Forging coalitions in Aboriginal education: exploring Aboriginal-settler relationship building in public school contexts

Resource type
Thesis type
(Dissertation) Ph.D.
Date created
2015-04-02
Authors/Contributors
Abstract
In this dissertation, I examine how educators understand what it means to equitably and respectfully build relationships in Aboriginal education within the K-12 public education system. This study is conducted with an eye to the impacts of colonialism on both intragroup relationship-building strategies amongst Aboriginal educators, and intergroup engagements between Aboriginal and Settler colleagues. Specifically, I am interested in the systemic challenges that underpin Aboriginal peoples’ and Settler Canadians’ intra and intergroup attempts to work together in ways that create positive social change. The research for this dissertation involved speaking with 15 educators, of both Aboriginal and non-Aboriginal ancestry, regarding how they understood both intra and intergroup relationship building, and their investments in and commitments to Aboriginal education. Semi-structured interviews and one group interview were conducted. These data were analyzed through critical discourse analysis and hyperRESEARCH, a qualitative analysis software program. Interviews were coded and further theorized against a backdrop of coalition politics, Indigenous scholarship, post-structuralism, and standpoint theory.The study builds on the work of scholars that include Susan Dion (2009), Paulette Regan (2010), and Verna St. Denis (2007; 2010), among others, who contend that, in order for change to take place, educators must be willing to question and disrupt how they knowingly and unknowingly contribute to the production of colonial discourses in the various milieus in which they participate. Following Regan (2010), my study is motivated by hope and possibility within education for reimagined relationships between Aboriginal peoples and Settler Canadians, while recognizing the very slow, “drop by drop” nature of change (Armstrong, 2004). The terrain of Aboriginal education is a rough and contested site of struggle. However, the possibility for imagining a better future resides in coming to an understanding of how our identities, investments in and ways of relating to one another have been and continue to be informed by the legacy of colonialism and racism.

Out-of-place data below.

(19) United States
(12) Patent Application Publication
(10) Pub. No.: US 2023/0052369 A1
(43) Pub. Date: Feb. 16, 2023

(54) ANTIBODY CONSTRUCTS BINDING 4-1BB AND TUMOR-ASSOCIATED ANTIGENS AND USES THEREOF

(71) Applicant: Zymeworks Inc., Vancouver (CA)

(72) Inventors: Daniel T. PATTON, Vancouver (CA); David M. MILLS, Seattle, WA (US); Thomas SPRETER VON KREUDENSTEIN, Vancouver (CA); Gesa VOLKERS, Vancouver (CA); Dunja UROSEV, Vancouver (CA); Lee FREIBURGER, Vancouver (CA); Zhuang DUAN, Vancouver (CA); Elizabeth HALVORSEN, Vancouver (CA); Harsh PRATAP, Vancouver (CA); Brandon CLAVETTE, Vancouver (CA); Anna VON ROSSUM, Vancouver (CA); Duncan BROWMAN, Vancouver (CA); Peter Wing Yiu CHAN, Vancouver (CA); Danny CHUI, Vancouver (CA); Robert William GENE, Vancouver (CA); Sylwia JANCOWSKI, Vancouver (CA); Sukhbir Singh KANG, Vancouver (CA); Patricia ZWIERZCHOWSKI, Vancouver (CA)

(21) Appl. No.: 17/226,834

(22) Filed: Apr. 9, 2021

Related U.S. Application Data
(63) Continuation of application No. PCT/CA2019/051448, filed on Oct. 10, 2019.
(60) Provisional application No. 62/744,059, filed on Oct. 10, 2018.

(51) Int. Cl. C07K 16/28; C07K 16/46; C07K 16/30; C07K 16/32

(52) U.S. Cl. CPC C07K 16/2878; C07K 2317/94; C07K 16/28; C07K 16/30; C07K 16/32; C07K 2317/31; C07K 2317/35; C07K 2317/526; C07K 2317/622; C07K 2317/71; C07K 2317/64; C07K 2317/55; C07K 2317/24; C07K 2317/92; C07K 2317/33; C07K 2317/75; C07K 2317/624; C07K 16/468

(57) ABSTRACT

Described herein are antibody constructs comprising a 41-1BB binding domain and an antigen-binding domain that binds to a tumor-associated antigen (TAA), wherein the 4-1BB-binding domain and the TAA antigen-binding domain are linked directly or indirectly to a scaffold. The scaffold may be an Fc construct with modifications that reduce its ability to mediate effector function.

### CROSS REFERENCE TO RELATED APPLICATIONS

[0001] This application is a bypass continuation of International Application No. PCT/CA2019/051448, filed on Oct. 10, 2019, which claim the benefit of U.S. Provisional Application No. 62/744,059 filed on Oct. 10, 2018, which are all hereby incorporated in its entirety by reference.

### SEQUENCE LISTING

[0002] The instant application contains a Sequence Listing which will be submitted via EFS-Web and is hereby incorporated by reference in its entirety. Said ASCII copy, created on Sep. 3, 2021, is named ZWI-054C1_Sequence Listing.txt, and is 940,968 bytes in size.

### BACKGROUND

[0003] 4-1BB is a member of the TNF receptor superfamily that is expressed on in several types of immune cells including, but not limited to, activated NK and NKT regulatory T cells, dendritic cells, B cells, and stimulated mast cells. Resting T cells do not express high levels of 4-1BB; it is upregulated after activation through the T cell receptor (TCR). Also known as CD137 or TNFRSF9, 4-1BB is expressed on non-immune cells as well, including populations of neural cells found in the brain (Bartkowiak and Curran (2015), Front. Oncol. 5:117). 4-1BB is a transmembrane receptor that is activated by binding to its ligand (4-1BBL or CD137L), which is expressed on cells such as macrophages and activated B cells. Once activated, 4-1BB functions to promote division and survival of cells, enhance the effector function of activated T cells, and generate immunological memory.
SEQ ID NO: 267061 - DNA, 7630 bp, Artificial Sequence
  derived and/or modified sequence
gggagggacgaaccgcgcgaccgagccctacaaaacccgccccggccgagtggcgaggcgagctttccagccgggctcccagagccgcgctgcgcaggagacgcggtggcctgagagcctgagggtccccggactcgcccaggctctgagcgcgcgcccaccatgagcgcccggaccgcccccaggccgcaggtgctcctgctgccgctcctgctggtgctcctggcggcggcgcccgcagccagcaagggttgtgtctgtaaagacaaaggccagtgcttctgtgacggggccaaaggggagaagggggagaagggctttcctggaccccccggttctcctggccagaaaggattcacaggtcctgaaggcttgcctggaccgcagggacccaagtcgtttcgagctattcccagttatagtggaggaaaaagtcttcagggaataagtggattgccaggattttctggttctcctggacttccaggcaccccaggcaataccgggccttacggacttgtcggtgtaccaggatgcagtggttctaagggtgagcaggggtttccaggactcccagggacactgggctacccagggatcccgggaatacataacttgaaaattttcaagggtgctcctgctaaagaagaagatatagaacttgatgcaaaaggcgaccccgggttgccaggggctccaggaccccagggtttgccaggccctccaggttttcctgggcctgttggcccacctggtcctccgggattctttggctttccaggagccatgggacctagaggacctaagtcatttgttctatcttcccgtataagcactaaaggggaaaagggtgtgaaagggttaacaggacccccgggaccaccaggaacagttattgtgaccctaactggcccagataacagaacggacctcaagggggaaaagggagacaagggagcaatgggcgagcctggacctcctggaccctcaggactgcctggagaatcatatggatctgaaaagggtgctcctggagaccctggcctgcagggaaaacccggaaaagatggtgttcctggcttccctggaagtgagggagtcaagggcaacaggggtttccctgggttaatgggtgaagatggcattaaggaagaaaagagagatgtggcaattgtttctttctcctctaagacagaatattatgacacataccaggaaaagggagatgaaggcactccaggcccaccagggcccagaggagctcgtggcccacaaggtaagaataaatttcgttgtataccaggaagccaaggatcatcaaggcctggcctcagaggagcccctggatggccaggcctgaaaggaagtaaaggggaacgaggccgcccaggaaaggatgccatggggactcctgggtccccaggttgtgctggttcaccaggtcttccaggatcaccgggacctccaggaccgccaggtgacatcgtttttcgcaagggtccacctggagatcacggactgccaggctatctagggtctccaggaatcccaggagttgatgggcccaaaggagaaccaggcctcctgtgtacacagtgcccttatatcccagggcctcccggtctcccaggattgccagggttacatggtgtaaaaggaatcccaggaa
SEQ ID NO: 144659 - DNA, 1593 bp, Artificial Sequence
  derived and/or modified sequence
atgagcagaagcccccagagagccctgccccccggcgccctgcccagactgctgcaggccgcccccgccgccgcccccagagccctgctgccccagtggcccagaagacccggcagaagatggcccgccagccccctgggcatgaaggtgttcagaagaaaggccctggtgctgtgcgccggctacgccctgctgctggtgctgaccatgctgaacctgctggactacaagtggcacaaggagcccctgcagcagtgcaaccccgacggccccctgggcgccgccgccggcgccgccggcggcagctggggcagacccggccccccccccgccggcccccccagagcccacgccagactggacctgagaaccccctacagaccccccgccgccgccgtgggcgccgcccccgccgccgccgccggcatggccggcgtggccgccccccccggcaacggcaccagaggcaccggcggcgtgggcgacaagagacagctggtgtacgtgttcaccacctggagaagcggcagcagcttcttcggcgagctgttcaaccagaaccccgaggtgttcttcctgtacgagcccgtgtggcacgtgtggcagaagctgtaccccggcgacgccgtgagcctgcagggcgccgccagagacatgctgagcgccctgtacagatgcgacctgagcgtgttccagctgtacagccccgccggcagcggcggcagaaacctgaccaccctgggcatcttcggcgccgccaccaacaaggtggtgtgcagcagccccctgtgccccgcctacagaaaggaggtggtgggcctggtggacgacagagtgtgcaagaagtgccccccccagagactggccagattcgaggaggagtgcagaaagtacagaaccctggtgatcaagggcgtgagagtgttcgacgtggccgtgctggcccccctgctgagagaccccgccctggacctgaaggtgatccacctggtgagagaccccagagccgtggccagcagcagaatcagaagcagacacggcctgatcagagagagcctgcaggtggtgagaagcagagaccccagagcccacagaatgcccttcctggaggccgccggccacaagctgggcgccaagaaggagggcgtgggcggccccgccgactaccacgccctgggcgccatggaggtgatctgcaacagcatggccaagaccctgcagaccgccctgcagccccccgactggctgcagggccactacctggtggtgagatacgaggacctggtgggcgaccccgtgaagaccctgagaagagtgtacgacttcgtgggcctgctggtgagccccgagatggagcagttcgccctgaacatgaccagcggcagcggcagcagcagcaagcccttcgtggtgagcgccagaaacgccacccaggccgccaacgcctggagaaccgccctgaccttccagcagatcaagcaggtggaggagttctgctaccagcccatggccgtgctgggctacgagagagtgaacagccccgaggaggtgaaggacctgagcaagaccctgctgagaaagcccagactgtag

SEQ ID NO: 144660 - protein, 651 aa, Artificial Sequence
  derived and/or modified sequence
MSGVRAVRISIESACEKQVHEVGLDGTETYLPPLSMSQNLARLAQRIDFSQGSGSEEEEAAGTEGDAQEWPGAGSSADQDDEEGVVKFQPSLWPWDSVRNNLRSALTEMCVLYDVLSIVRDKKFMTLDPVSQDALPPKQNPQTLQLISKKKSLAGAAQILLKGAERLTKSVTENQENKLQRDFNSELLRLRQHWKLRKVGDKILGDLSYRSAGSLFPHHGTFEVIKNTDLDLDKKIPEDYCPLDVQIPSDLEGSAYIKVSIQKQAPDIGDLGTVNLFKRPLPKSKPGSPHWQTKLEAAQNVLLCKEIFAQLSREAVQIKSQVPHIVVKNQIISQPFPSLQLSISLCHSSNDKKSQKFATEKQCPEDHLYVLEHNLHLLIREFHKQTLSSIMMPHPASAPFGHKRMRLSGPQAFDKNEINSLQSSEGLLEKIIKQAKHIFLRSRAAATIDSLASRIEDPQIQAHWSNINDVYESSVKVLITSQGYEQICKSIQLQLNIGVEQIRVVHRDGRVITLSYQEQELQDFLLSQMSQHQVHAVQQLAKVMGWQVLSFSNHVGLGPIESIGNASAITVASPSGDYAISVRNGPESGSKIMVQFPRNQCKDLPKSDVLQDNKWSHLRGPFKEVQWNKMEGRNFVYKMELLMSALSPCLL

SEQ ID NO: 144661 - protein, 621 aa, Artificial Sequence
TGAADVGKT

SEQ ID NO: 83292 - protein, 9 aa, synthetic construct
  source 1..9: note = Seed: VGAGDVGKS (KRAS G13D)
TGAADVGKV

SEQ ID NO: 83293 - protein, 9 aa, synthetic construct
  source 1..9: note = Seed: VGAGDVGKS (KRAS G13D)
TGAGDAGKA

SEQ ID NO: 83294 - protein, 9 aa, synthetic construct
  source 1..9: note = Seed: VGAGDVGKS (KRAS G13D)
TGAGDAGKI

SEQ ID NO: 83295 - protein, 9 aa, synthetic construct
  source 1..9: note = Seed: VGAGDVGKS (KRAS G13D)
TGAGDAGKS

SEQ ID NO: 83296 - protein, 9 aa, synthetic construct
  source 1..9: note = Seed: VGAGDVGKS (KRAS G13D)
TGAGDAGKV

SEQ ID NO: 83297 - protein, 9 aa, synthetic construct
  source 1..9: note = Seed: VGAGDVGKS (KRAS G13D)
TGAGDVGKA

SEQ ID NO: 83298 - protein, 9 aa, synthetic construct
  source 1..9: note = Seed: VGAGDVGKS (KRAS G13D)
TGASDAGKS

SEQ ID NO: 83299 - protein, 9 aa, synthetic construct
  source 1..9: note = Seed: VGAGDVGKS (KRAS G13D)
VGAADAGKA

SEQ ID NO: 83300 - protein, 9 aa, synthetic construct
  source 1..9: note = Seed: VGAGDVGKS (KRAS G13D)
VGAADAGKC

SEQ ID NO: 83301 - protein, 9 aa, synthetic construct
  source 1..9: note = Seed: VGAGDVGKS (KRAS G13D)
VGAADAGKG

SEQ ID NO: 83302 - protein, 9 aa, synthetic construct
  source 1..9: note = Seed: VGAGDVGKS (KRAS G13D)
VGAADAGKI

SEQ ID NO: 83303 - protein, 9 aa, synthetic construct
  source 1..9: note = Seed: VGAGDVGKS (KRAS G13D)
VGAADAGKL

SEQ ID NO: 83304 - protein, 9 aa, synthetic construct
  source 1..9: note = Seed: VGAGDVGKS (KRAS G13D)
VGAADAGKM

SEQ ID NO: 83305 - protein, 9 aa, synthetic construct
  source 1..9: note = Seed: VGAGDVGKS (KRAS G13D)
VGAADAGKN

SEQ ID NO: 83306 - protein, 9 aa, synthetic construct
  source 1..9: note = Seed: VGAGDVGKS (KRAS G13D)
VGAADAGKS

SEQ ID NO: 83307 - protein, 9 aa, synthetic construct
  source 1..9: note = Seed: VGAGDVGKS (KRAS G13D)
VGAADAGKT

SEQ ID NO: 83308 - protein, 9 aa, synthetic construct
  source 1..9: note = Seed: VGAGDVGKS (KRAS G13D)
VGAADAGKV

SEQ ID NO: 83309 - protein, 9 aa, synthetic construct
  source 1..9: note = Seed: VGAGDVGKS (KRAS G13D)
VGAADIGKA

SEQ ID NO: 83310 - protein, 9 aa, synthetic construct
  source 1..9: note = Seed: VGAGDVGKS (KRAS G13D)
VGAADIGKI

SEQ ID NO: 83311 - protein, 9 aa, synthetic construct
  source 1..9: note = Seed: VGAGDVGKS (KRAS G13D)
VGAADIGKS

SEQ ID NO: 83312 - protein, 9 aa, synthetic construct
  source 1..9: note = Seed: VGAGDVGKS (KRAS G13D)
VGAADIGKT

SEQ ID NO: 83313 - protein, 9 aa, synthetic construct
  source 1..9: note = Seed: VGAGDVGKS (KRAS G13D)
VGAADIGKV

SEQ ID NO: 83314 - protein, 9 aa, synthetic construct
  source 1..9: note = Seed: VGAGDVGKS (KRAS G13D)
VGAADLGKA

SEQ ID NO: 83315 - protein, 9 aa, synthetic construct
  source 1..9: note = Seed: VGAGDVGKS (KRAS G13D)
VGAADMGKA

Document
Identifier
etd8981
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Scholarly level
Supervisor or Senior Supervisor
Thesis advisor: Van der Wey, Dolores
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